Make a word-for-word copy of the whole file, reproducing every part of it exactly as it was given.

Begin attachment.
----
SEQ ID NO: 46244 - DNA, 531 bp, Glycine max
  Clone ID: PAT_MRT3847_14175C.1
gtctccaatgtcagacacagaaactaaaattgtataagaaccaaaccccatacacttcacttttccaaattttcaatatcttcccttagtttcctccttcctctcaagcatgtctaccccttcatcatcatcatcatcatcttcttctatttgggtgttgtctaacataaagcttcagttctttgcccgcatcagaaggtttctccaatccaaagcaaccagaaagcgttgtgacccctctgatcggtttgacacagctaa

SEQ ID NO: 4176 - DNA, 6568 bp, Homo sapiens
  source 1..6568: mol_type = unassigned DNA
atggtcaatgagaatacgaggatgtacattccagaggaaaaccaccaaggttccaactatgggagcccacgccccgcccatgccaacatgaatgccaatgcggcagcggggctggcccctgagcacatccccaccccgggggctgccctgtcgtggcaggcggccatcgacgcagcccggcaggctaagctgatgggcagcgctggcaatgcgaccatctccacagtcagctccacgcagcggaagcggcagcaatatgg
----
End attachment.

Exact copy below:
SEQ ID NO: 46244 - DNA, 531 bp, Glycine max
  Clone ID: PAT_MRT3847_14175C.1
gtctccaatgtcagacacagaaactaaaattgtataagaaccaaaccccatacacttcacttttccaaattttcaatatcttcccttagtttcctccttcctctcaagcatgtctaccccttcatcatcatcatcatcatcttcttctatttgggtgttgtctaacataaagcttcagttctttgcccgcatcagaaggtttctccaatccaaagcaaccagaaagcgttgtgacccctctgatcggtttgacacagctaa

SEQ ID NO: 4176 - DNA, 6568 bp, Homo sapiens
  source 1..6568: mol_type = unassigned DNA
atggtcaatgagaatacgaggatgtacattccagaggaaaaccaccaaggttccaactatgggagcccacgccccgcccatgccaacatgaatgccaatgcggcagcggggctggcccctgagcacatccccaccccgggggctgccctgtcgtggcaggcggccatcgacgcagcccggcaggctaagctgatgggcagcgctggcaatgcgaccatctccacagtcagctccacgcagcggaagcggcagcaatatgg